One of my first questions was about a tentacle-shaped card holder.  It’s legs arched at a shallow angle, which usually requires supports.  Because a 3D printer prints up in layers, when an object has sufficient overhang, supports are required so that the overhang doesn’t droop when the plastic is still hot.  However, M3D told me that the model was printed without supports, by a combination of software optimization and very small layer height.  I found the level of accuracy very impressive.  I have perfect vision, yet I had to bring the model inches from my eyes to see any sign of layer lines.  The detail is costly in terms of time, though.  A very small layer height means a model can take hours to complete.

The tentacle card holder is around 2 or 3 inches in length, and looks very clean.  The rafts are still firmly on the bottom.  I tried to remove them to no avail - M3D says the rafts still need to be tweaked.

The tentacle card holder is around 2 or 3 inches in length, and looks very clean. The rafts are still firmly on the bottom. I tried to remove them to no avail – M3D says the rafts still need to be tweaked.

Another promised feature of the M3D was its ability to print in ABS plastic and PLA plastic.  ABS, the material used to make most of the display models, usually requires a heated printing bed, since as ABS cools, it shrinks, causing the base of the model to warp.  The Micro does not have a heated printing bed of any sort, yet their models didn’t show any sign of warping.  I asked the team how the ABS printed so nicely, but they politely refused to answer, as some of their methods were still under wraps and they didn’t want any of them stolen before the Micro even went into production.  They did say that many of their innovations had to do with software, and not hardware, so my guess is that warping was prevented by a combination of small model footprints (the Micro has a print volume of around 4 cubic inches) and a printing pattern that is less susceptible to bending.

This vase, as featured in the Kickstarter video, is made with ABS plastic.  It is one of the Micro's earlier prints.

This vase, as featured in the Kickstarter video, is made with ABS plastic. It is one of the Micro’s earlier prints.

“M3D said they didn’t have any intention of creating a similar model sharing website for the Micro.”

I spend much of the rest of the time taking a look at M3D’s other models, including the orange vase featured in the original Kickstarter video.  Surprisingly, the vase is also printed in ABS, instead of PLA plastic.  M3D happily gave me permission to post these images online, with the comment that some images are from earlier software, and do not necessarily represent the final quality of the Micro.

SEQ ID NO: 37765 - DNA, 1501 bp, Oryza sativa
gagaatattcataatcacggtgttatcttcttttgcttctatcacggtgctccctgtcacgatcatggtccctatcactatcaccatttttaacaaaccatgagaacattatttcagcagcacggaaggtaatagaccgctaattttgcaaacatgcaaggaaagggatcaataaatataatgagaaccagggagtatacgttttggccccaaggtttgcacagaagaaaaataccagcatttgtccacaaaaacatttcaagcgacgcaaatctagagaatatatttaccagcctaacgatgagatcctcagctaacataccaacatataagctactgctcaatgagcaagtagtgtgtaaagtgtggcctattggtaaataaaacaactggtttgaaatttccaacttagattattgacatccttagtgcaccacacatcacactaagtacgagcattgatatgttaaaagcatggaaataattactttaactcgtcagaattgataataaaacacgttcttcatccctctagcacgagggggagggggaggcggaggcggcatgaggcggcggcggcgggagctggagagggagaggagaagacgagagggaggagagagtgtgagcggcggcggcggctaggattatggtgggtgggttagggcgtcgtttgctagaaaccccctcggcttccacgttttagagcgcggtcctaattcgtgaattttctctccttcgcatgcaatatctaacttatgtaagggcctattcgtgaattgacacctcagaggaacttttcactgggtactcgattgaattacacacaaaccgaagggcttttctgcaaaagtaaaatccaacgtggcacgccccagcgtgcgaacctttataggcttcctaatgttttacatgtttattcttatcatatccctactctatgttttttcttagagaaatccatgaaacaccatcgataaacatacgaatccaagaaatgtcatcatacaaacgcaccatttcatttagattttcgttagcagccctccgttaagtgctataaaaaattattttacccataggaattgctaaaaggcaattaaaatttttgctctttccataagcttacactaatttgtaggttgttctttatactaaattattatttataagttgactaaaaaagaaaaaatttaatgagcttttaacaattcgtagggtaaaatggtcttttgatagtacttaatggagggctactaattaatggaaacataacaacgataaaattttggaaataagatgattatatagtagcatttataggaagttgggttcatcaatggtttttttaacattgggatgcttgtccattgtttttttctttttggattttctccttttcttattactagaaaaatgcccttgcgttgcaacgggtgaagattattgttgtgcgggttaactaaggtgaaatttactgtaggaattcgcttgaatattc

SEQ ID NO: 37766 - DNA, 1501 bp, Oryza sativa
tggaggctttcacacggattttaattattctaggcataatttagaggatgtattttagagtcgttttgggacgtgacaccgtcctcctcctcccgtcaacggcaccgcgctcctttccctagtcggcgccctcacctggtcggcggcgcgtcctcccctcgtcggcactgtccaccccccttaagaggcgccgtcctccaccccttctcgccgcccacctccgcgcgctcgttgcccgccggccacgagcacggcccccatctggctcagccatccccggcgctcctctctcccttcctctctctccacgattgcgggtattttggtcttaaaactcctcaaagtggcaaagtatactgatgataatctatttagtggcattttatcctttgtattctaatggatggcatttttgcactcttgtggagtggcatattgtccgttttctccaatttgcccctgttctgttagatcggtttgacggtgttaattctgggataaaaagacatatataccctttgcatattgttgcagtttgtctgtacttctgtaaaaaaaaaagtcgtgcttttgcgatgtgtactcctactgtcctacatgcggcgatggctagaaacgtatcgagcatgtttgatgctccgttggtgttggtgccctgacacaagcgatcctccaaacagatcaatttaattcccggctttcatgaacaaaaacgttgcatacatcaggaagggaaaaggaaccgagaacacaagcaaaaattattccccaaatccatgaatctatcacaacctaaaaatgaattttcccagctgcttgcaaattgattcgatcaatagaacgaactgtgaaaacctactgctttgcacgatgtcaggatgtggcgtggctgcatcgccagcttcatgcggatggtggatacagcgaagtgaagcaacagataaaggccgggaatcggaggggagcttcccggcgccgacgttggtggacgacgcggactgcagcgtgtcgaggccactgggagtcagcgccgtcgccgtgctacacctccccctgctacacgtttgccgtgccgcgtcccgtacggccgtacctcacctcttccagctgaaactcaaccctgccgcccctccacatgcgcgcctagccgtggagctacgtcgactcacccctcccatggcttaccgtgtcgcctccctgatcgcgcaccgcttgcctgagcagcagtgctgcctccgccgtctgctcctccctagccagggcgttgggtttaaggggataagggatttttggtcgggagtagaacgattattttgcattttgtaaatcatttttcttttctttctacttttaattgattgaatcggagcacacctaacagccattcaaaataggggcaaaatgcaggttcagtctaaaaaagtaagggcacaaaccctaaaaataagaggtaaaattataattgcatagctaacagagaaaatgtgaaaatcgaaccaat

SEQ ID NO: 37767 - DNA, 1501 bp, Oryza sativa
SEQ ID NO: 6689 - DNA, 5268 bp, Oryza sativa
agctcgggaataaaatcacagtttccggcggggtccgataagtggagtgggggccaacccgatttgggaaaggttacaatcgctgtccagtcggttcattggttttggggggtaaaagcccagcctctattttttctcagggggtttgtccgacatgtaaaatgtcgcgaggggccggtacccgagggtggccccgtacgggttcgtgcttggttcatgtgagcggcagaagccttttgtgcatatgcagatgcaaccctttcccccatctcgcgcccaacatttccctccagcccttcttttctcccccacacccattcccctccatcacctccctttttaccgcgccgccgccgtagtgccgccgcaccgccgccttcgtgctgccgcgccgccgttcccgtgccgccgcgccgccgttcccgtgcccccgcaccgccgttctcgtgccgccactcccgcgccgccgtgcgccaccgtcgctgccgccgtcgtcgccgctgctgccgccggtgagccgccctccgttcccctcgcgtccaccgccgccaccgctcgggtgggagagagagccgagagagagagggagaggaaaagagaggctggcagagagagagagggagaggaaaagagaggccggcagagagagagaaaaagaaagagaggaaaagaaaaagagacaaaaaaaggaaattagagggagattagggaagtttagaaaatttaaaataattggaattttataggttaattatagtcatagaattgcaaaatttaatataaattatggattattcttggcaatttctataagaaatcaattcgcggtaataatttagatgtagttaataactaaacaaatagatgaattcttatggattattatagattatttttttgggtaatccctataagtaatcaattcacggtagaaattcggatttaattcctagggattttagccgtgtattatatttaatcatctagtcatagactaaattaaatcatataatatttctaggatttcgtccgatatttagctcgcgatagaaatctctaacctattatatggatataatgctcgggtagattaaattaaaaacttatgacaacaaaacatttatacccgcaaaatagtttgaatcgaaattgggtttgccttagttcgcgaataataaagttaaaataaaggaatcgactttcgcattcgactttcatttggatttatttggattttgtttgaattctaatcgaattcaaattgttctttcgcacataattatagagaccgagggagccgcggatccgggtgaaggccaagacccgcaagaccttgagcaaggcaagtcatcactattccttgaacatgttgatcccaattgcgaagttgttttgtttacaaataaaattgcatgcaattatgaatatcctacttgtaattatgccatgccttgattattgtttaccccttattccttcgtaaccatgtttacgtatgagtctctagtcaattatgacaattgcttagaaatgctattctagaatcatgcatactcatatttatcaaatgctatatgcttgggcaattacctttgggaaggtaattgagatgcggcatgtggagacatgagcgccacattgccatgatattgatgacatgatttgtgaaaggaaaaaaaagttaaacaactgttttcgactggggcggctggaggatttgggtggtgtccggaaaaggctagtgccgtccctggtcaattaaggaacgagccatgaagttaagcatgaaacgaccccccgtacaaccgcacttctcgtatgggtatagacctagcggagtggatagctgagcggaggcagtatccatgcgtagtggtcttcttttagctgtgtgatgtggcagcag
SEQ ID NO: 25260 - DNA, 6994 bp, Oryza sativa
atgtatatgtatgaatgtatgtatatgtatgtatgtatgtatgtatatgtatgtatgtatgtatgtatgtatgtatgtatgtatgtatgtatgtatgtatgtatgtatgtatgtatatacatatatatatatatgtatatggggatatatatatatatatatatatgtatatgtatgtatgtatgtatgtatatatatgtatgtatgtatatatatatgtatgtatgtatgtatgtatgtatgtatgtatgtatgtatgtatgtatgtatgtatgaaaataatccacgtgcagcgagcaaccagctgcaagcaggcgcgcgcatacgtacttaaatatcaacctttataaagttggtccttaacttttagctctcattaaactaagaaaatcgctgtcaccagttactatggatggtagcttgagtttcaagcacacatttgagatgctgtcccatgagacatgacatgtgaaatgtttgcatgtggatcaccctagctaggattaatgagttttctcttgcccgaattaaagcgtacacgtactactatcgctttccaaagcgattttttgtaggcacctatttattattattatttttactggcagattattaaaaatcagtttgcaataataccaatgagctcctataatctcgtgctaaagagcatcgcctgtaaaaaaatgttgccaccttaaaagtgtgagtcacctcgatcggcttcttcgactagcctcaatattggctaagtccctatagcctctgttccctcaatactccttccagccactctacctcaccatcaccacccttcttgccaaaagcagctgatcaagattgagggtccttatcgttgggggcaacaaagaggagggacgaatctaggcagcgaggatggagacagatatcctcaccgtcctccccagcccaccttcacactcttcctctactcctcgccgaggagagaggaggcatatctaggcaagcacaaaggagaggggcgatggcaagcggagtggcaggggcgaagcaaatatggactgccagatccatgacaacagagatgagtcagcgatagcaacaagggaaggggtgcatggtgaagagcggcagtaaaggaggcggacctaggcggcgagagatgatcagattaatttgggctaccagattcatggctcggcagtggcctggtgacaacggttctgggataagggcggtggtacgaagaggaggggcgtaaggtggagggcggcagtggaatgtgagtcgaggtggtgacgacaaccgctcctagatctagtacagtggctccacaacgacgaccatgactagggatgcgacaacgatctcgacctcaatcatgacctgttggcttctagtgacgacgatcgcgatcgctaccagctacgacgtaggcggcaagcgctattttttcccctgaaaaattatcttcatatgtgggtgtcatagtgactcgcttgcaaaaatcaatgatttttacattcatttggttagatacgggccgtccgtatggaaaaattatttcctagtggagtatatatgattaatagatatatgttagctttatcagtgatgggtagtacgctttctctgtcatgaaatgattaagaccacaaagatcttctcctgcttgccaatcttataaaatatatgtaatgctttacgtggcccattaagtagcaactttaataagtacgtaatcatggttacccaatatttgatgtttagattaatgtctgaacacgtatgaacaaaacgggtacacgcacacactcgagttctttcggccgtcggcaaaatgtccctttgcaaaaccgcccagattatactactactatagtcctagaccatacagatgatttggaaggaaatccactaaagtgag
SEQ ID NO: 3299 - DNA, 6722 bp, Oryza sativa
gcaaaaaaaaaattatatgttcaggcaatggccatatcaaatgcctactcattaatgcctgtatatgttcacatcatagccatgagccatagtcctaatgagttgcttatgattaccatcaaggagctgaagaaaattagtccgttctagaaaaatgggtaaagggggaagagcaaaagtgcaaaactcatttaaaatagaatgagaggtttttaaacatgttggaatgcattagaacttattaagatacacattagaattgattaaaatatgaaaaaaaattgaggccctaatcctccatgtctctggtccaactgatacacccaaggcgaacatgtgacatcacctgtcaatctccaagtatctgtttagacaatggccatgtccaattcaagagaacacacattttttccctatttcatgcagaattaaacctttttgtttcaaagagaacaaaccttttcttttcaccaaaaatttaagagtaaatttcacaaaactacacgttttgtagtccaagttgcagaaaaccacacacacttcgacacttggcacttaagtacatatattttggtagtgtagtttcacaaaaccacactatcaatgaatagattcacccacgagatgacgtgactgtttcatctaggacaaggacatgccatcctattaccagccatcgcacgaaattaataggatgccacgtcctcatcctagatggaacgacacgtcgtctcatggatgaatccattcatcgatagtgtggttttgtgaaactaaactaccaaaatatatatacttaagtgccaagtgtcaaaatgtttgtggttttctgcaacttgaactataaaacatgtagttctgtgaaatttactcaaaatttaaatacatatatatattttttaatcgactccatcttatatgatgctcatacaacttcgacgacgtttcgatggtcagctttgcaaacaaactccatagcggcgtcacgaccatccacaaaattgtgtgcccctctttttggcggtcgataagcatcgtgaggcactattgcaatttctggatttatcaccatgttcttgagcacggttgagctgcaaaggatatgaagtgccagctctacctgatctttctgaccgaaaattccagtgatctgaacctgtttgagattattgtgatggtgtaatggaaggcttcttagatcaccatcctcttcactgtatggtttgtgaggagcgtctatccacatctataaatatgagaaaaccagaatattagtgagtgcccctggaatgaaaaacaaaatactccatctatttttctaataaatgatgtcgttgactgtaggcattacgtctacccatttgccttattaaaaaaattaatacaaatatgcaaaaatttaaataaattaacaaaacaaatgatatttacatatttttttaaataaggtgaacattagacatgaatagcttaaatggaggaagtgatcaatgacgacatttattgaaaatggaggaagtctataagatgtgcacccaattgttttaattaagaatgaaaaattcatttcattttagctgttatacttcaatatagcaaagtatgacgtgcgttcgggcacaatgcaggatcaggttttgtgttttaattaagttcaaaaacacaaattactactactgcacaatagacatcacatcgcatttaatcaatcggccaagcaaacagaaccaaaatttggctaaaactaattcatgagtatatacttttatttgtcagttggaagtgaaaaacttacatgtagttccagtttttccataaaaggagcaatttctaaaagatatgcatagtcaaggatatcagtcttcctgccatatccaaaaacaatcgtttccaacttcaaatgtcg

Finally, I was shown the completion of a Warhammer figurine backpack.  It looks as though M3D grabbed most of their models from the Makerbot-owned Thingiverse website.  M3D said they didn’t have any intention of creating a similar website for the Micro, but they are working on integrating the M3D with some Microsoft Surface applications.

The backpack was impressive for its size; the detail mirrors that of the digital model.  The only problem was the raft which refused to completely peel off.  The M3D team tells me this is just a problem with software, and will be fixed before the release of the Micro to the public.

Unfortunately, my time was cut short at six o’clock, when the convention closed. I had a superb time, and it was refreshing to see a group of people so passionate about their product.  The following day, M3D even sent me a message on Kickstarter, thanking me for my attendance.

So, is the Micro big enough to dethrone the likes of Makerbot?  Maybe.  The Micro is one of the first consumer oriented printers, but it has tough competition.  Home Depot is beginning to pilot selling Makerbots, and another startup called New Matter sports an elegant printer with a larger footprint for nearly $100 less than the Micro.  Although the Micro still has four times the print resolution as New Matter’s device, the race for consumer 3D printers is certainly heating up.  It’s also been several months since the convention, and since then M3D has been ironing out their software bugs and optimizing the printer’s performance.  I’ve reached out to M3D for comments and updates.

This image is courtesy of M3D.

This image is courtesy of M3D.

 

 

Octopus

Octopus

A metal casting made by creating a silicon model by pouring molten silicon into a 3D-printed mold.

A metal casting made by creating a silicon model by pouring molten silicon into a 3D-printed mold.